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Issue 67 - Fine Dining on the Rails

Scotland Magazine Issue 67
February 2013


This article is 5 years old and some information provided may be time sensitive. Please check all details of events, tours, opening times and other information before travelling or making arrangements.

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Fine Dining on the Rails

Sue Lawrence discovers mouth watering offerings on the railways

Train journeys can be the most relaxing form of travel – no security, no airport hassle, just turn up ten minutes before departure and off you go. There is the added bonus that you see the countryside as you travel.

My first long train journey was as a student, inter-railing through Europe: we are not talking luxury here! We carried enormous rucksacks, so heavy we almost toppled when putting them on. As the weeks wore on and money ran out, meals became intermittent!

Travelling through Italy on our way home proved interesting. One night on a sleeper, having eaten nothing but biscuits all day, we not only felt ravenous, we must have looked starving too, as the train guard asked if we would like to eat some pasta his colleague was cooking in the guards van. YES we would, grazie. Never has pasta with tomato sauce tasted so good.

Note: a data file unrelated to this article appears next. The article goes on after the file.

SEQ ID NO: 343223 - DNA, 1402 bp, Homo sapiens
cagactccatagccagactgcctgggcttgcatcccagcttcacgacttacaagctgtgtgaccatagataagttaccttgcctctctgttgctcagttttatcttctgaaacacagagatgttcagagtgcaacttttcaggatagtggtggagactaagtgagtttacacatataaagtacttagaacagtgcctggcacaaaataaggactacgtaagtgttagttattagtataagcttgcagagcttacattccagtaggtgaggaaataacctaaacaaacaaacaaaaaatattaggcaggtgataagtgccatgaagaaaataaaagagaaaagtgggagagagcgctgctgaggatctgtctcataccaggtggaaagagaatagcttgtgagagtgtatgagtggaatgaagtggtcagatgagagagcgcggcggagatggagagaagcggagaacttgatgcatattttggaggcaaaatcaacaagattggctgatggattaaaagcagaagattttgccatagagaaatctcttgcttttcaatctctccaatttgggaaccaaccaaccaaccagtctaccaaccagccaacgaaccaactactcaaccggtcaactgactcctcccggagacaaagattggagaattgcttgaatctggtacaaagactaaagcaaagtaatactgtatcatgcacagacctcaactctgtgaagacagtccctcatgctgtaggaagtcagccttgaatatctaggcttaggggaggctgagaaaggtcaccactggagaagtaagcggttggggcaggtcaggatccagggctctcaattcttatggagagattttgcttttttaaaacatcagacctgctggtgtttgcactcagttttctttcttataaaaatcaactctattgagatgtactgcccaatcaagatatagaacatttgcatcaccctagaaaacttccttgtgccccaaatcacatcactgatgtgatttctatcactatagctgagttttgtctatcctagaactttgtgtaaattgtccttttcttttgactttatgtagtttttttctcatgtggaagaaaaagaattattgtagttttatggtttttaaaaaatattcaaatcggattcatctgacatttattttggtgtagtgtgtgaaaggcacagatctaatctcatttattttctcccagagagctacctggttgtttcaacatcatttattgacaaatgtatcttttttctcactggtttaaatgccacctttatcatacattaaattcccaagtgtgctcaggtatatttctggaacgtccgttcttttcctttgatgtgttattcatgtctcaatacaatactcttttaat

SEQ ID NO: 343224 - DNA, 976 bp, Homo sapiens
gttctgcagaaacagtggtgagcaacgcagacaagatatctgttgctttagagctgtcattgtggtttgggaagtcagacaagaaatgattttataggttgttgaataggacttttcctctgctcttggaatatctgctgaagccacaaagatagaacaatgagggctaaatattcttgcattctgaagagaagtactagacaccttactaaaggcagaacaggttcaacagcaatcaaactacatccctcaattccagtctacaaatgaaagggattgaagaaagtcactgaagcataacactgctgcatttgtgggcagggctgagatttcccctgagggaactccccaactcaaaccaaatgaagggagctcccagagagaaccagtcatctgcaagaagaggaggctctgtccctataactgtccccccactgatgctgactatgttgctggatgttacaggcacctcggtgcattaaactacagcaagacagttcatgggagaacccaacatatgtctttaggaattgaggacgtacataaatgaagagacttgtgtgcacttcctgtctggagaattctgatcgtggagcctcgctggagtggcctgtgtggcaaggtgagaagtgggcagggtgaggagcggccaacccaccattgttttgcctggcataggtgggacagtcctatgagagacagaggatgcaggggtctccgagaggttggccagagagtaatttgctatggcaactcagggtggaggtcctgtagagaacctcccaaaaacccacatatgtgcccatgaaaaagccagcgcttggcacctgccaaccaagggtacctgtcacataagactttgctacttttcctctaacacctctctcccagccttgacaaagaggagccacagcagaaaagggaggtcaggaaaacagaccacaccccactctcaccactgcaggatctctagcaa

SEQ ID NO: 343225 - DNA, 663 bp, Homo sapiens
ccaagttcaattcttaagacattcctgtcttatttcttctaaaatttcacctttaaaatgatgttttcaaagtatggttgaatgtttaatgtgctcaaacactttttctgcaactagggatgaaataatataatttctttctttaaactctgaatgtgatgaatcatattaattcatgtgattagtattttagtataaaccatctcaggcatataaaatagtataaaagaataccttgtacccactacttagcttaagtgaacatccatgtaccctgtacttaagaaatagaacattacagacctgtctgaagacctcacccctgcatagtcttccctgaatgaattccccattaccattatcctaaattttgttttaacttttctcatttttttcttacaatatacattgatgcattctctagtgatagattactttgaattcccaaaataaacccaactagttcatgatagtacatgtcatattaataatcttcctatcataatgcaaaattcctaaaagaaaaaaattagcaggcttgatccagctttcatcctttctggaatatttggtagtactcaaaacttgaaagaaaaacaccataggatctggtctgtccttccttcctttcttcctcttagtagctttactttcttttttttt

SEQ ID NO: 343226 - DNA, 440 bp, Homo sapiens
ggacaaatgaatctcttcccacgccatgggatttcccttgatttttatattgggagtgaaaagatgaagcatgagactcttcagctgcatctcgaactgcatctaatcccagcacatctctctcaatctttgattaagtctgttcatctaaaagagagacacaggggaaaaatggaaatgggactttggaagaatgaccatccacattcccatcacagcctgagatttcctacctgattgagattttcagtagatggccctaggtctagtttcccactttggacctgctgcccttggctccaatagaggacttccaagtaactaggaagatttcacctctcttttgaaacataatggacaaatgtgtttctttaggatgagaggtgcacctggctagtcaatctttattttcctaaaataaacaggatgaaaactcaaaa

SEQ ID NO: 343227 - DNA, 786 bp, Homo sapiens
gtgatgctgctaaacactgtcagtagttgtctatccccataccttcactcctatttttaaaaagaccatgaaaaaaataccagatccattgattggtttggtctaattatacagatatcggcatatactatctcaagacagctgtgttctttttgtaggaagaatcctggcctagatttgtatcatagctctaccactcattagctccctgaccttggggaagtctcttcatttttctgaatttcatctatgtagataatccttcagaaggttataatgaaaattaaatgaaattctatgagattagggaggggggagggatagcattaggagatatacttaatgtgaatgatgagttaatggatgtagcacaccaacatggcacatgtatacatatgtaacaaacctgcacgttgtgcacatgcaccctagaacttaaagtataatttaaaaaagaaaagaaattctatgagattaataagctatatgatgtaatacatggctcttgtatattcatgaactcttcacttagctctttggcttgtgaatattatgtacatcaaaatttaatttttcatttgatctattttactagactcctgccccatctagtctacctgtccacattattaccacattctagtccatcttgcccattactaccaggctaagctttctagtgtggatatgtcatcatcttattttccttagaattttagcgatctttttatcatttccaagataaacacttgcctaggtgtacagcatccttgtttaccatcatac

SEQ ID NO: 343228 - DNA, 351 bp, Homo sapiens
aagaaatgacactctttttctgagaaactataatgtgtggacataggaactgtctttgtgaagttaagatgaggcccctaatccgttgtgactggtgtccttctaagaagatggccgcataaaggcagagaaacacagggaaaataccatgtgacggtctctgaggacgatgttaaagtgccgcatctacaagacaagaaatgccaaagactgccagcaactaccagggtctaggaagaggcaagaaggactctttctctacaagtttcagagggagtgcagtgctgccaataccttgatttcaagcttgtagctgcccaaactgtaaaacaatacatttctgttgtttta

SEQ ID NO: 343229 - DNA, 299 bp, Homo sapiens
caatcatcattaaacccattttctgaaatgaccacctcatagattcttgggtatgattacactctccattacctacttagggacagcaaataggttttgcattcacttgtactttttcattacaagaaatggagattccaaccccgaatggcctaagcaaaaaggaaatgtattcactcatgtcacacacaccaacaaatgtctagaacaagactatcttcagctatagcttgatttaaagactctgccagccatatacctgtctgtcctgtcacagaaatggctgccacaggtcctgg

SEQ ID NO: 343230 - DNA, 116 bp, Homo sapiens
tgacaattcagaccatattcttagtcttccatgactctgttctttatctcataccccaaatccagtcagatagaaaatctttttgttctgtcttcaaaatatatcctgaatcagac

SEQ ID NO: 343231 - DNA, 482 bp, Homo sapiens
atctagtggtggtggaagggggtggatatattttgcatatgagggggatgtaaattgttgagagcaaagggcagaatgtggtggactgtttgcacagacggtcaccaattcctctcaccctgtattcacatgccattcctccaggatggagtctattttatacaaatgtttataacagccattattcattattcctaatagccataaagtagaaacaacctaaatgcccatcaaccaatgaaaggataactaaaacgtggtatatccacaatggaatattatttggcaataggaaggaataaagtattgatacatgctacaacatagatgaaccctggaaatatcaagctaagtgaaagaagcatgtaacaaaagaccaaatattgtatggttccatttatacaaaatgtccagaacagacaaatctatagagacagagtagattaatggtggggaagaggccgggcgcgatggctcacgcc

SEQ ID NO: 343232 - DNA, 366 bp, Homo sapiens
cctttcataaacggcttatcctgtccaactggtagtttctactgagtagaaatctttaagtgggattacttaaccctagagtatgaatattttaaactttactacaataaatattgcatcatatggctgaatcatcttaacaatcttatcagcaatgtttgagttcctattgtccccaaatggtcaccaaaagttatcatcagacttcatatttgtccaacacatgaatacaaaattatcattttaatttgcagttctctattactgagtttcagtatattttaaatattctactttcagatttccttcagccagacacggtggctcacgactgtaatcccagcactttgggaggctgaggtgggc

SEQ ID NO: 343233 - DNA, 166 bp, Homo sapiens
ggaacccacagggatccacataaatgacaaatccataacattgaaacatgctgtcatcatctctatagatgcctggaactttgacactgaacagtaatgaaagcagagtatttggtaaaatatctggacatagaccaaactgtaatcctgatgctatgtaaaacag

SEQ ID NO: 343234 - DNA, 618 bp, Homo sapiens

The next day, waiting for another train at a platform in a large station, we sat on a bench looking enviously at a large Italian family seated on blankets on the ground, around an elaborate picnic. We smiled when the mother came over to us with some bread, which we devoured with indecent haste. She then invited us to join them; I can still taste the salami, cheese and frittata.

In the UK, food on trains has never something to shout home about.

But one of the most lovely ways to travel is on the Northern Belle. This train, travelling throughout Britain, reflects the style of England’s 1930s Belle trains. Its luxurious interiors including shiny brass and exquisite marquetry set the scene for a truly indulgent few hours travel. My dinner on the Northern Belle included beetroot cured salmon gravadlax, caramelised pumpkin soup with parmesan then guinea fowl with chestnuts and braised red cabbage. An enormous cheese board the size of a table is borne through the carriages by the brilliant staff who are obviously trained to stand stock still when the train judders to a halt. The exquisite food is all washed down with fine champagne and wines.

If you are lucky enough to be in Peru, I cannot recommend the Hiram Bingham train enough. This train runs from Cusco to Machu Picchu, the magnificent Inca citadel. I sat in a luxury compartment being served delicious food and drink as the train wound along the track through Andean valleys for an all too short three hours. Standing on the open observation deck at the back carriage, I could see locals wearing bright locally woven clothes, long black pigtails down their backs, working the fields. Looking up there were mountains capped in snow: it is more than 11,000 feet after all! I tried, unsuccessfully, to spot a condor while travelling through the Sacred Valley; but the fabulous band of musicians on board sang El Condor Passa as compensation!